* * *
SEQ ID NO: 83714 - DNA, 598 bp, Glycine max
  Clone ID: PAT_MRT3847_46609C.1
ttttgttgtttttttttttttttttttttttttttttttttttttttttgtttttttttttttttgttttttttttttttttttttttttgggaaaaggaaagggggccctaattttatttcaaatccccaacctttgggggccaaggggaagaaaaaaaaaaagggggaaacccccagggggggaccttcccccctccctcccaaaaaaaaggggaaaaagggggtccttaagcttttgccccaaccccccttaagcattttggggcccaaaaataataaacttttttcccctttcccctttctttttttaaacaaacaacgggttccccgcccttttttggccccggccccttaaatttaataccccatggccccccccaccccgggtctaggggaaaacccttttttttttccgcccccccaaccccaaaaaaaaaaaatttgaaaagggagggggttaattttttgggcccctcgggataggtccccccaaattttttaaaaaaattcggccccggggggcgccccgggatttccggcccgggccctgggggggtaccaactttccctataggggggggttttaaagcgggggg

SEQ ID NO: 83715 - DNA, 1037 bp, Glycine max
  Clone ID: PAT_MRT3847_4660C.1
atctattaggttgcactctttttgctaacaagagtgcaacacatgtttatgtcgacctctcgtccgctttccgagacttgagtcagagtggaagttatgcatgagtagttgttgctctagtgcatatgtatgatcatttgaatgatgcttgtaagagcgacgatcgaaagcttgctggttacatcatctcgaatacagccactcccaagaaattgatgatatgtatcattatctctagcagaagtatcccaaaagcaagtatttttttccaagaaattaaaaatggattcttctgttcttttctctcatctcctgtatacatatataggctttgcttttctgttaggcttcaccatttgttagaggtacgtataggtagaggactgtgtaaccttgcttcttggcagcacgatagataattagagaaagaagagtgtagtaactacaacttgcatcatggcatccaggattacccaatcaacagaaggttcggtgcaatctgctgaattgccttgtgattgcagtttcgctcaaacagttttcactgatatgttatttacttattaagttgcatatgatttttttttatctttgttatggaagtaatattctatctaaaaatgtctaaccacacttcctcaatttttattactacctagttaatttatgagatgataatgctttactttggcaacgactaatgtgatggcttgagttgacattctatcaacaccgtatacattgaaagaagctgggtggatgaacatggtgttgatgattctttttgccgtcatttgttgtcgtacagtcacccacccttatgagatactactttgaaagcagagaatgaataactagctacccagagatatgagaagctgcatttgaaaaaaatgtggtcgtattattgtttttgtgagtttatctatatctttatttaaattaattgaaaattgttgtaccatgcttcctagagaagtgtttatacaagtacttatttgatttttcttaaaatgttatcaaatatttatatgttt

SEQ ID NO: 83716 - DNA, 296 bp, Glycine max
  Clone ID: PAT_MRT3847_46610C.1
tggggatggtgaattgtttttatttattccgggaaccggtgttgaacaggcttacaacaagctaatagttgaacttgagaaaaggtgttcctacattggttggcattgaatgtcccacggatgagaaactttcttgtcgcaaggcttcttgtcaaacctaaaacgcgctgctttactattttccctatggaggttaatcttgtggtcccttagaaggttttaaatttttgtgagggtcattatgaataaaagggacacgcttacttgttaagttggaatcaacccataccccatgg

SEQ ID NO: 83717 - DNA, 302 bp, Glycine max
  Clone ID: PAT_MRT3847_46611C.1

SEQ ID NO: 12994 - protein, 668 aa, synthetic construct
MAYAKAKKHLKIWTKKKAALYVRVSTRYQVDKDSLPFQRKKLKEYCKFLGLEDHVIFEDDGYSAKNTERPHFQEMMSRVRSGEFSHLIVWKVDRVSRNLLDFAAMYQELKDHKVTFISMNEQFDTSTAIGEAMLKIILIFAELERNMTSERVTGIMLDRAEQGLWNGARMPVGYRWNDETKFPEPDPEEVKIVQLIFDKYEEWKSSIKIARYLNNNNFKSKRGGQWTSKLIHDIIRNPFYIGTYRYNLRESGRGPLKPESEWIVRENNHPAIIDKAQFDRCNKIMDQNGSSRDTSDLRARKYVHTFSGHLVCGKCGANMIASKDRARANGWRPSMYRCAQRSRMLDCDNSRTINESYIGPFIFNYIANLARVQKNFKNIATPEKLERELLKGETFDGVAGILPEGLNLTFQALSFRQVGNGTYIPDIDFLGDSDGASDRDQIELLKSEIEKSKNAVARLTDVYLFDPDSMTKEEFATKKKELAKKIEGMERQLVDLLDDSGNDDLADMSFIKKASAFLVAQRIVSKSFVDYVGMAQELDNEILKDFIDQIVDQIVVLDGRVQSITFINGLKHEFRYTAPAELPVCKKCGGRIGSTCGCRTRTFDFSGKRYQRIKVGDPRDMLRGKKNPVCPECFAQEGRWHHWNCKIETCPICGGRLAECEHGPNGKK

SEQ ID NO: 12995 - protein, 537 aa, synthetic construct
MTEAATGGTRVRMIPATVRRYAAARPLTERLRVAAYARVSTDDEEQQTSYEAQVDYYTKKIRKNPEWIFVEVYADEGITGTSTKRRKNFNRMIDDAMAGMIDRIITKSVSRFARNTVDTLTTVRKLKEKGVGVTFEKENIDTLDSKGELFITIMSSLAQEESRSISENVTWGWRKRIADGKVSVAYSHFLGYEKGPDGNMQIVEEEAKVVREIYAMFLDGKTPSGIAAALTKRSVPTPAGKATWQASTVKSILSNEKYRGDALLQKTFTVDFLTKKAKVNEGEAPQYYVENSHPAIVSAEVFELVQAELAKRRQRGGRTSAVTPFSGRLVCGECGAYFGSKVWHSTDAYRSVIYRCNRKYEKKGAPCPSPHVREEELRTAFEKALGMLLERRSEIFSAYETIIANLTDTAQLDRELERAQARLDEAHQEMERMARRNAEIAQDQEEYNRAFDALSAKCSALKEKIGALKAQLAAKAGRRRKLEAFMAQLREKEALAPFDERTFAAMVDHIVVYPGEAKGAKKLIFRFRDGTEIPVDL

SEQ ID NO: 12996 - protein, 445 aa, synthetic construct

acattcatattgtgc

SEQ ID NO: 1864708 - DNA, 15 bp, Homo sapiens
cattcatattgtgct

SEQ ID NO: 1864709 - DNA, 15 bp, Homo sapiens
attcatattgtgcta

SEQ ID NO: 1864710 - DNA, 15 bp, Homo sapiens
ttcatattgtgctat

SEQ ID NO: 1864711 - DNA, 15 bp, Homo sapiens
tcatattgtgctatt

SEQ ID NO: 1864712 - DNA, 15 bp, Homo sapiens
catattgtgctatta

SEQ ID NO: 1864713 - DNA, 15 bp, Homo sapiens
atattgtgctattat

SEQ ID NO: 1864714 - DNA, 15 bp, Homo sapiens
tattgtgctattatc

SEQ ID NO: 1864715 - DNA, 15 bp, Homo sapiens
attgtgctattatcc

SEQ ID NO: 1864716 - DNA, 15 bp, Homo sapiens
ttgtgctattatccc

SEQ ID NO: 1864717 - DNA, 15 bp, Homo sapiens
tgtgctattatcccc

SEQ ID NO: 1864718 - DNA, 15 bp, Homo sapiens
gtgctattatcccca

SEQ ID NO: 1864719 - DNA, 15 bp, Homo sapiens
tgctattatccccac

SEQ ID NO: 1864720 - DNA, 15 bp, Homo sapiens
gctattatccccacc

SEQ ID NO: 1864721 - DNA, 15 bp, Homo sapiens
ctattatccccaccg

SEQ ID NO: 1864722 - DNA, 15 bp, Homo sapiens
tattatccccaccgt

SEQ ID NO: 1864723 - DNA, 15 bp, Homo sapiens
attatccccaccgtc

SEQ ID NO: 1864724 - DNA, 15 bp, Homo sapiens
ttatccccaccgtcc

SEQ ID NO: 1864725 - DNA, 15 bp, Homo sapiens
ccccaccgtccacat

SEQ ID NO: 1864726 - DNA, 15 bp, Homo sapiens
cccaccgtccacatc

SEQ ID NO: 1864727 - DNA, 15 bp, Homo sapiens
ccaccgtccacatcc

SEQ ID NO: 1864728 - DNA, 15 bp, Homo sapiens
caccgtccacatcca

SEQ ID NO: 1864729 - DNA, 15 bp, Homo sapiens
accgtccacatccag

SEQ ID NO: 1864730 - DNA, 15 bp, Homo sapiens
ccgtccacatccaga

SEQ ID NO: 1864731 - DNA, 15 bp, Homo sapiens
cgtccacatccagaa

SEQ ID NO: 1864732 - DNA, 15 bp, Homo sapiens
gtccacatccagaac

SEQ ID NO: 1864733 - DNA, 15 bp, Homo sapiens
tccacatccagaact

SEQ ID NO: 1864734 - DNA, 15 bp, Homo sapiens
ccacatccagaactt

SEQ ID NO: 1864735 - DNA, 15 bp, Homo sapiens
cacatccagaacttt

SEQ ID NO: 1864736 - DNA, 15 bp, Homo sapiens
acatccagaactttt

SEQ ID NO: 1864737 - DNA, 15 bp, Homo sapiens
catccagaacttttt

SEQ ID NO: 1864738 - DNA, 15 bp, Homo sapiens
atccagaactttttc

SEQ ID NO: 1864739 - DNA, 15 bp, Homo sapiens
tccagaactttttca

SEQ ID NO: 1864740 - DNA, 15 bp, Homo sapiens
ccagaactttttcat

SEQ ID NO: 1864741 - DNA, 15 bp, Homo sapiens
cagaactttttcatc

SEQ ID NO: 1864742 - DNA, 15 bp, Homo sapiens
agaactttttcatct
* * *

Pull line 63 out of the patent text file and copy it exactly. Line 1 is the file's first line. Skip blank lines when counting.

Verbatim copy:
ccgtccacatccaga